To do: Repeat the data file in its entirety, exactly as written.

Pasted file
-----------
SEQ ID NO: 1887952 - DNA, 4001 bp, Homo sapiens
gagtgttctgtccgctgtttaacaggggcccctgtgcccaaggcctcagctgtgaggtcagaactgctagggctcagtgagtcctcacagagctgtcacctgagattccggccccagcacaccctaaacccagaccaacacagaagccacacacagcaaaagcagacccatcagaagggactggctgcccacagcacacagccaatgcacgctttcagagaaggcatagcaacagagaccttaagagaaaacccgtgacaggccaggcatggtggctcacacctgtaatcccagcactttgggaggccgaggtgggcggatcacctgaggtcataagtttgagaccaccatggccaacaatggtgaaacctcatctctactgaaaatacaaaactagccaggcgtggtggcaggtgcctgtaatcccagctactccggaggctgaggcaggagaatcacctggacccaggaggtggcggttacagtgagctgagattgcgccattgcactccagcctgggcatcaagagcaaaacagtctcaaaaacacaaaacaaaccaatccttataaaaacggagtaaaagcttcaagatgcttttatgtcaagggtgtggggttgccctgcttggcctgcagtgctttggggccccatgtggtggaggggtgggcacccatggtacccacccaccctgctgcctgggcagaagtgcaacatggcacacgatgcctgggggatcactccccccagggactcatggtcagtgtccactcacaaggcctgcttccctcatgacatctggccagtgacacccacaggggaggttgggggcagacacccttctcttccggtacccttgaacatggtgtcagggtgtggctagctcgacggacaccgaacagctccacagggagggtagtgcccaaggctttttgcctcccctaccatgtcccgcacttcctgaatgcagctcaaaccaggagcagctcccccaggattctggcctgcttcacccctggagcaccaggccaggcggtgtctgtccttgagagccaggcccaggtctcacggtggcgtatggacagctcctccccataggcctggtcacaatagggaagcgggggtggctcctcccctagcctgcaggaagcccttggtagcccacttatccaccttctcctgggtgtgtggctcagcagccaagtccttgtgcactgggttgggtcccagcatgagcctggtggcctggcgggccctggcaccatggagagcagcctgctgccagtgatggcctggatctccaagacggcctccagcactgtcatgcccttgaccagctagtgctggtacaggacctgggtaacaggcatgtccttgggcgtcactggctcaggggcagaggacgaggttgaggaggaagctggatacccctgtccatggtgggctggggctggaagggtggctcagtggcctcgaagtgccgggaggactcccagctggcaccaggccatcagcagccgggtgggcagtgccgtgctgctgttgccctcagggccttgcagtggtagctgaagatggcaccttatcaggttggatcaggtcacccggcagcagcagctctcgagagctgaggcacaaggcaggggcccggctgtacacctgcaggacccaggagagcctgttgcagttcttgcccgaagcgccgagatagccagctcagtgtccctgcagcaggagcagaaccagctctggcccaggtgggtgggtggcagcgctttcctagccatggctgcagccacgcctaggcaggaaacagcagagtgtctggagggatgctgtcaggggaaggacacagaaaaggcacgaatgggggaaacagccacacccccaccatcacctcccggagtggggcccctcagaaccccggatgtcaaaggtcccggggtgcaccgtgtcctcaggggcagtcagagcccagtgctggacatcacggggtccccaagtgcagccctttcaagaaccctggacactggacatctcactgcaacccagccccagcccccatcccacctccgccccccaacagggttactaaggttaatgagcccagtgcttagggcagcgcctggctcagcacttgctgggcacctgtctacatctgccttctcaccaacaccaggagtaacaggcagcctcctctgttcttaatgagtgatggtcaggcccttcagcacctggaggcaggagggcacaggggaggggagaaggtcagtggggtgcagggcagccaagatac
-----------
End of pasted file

SEQ ID NO: 1887952 - DNA, 4001 bp, Homo sapiens
gagtgttctgtccgctgtttaacaggggcccctgtgcccaaggcctcagctgtgaggtcagaactgctagggctcagtgagtcctcacagagctgtcacctgagattccggccccagcacaccctaaacccagaccaacacagaagccacacacagcaaaagcagacccatcagaagggactggctgcccacagcacacagccaatgcacgctttcagagaaggcatagcaacagagaccttaagagaaaacccgtgacaggccaggcatggtggctcacacctgtaatcccagcactttgggaggccgaggtgggcggatcacctgaggtcataagtttgagaccaccatggccaacaatggtgaaacctcatctctactgaaaatacaaaactagccaggcgtggtggcaggtgcctgtaatcccagctactccggaggctgaggcaggagaatcacctggacccaggaggtggcggttacagtgagctgagattgcgccattgcactccagcctgggcatcaagagcaaaacagtctcaaaaacacaaaacaaaccaatccttataaaaacggagtaaaagcttcaagatgcttttatgtcaagggtgtggggttgccctgcttggcctgcagtgctttggggccccatgtggtggaggggtgggcacccatggtacccacccaccctgctgcctgggcagaagtgcaacatggcacacgatgcctgggggatcactccccccagggactcatggtcagtgtccactcacaaggcctgcttccctcatgacatctggccagtgacacccacaggggaggttgggggcagacacccttctcttccggtacccttgaacatggtgtcagggtgtggctagctcgacggacaccgaacagctccacagggagggtagtgcccaaggctttttgcctcccctaccatgtcccgcacttcctgaatgcagctcaaaccaggagcagctcccccaggattctggcctgcttcacccctggagcaccaggccaggcggtgtctgtccttgagagccaggcccaggtctcacggtggcgtatggacagctcctccccataggcctggtcacaatagggaagcgggggtggctcctcccctagcctgcaggaagcccttggtagcccacttatccaccttctcctgggtgtgtggctcagcagccaagtccttgtgcactgggttgggtcccagcatgagcctggtggcctggcgggccctggcaccatggagagcagcctgctgccagtgatggcctggatctccaagacggcctccagcactgtcatgcccttgaccagctagtgctggtacaggacctgggtaacaggcatgtccttgggcgtcactggctcaggggcagaggacgaggttgaggaggaagctggatacccctgtccatggtgggctggggctggaagggtggctcagtggcctcgaagtgccgggaggactcccagctggcaccaggccatcagcagccgggtgggcagtgccgtgctgctgttgccctcagggccttgcagtggtagctgaagatggcaccttatcaggttggatcaggtcacccggcagcagcagctctcgagagctgaggcacaaggcaggggcccggctgtacacctgcaggacccaggagagcctgttgcagttcttgcccgaagcgccgagatagccagctcagtgtccctgcagcaggagcagaaccagctctggcccaggtgggtgggtggcagcgctttcctagccatggctgcagccacgcctaggcaggaaacagcagagtgtctggagggatgctgtcaggggaaggacacagaaaaggcacgaatgggggaaacagccacacccccaccatcacctcccggagtggggcccctcagaaccccggatgtcaaaggtcccggggtgcaccgtgtcctcaggggcagtcagagcccagtgctggacatcacggggtccccaagtgcagccctttcaagaaccctggacactggacatctcactgcaacccagccccagcccccatcccacctccgccccccaacagggttactaaggttaatgagcccagtgcttagggcagcgcctggctcagcacttgctgggcacctgtctacatctgccttctcaccaacaccaggagtaacaggcagcctcctctgttcttaatgagtgatggtcaggcccttcagcacctggaggcaggagggcacaggggaggggagaaggtcagtggggtgcagggcagccaagatac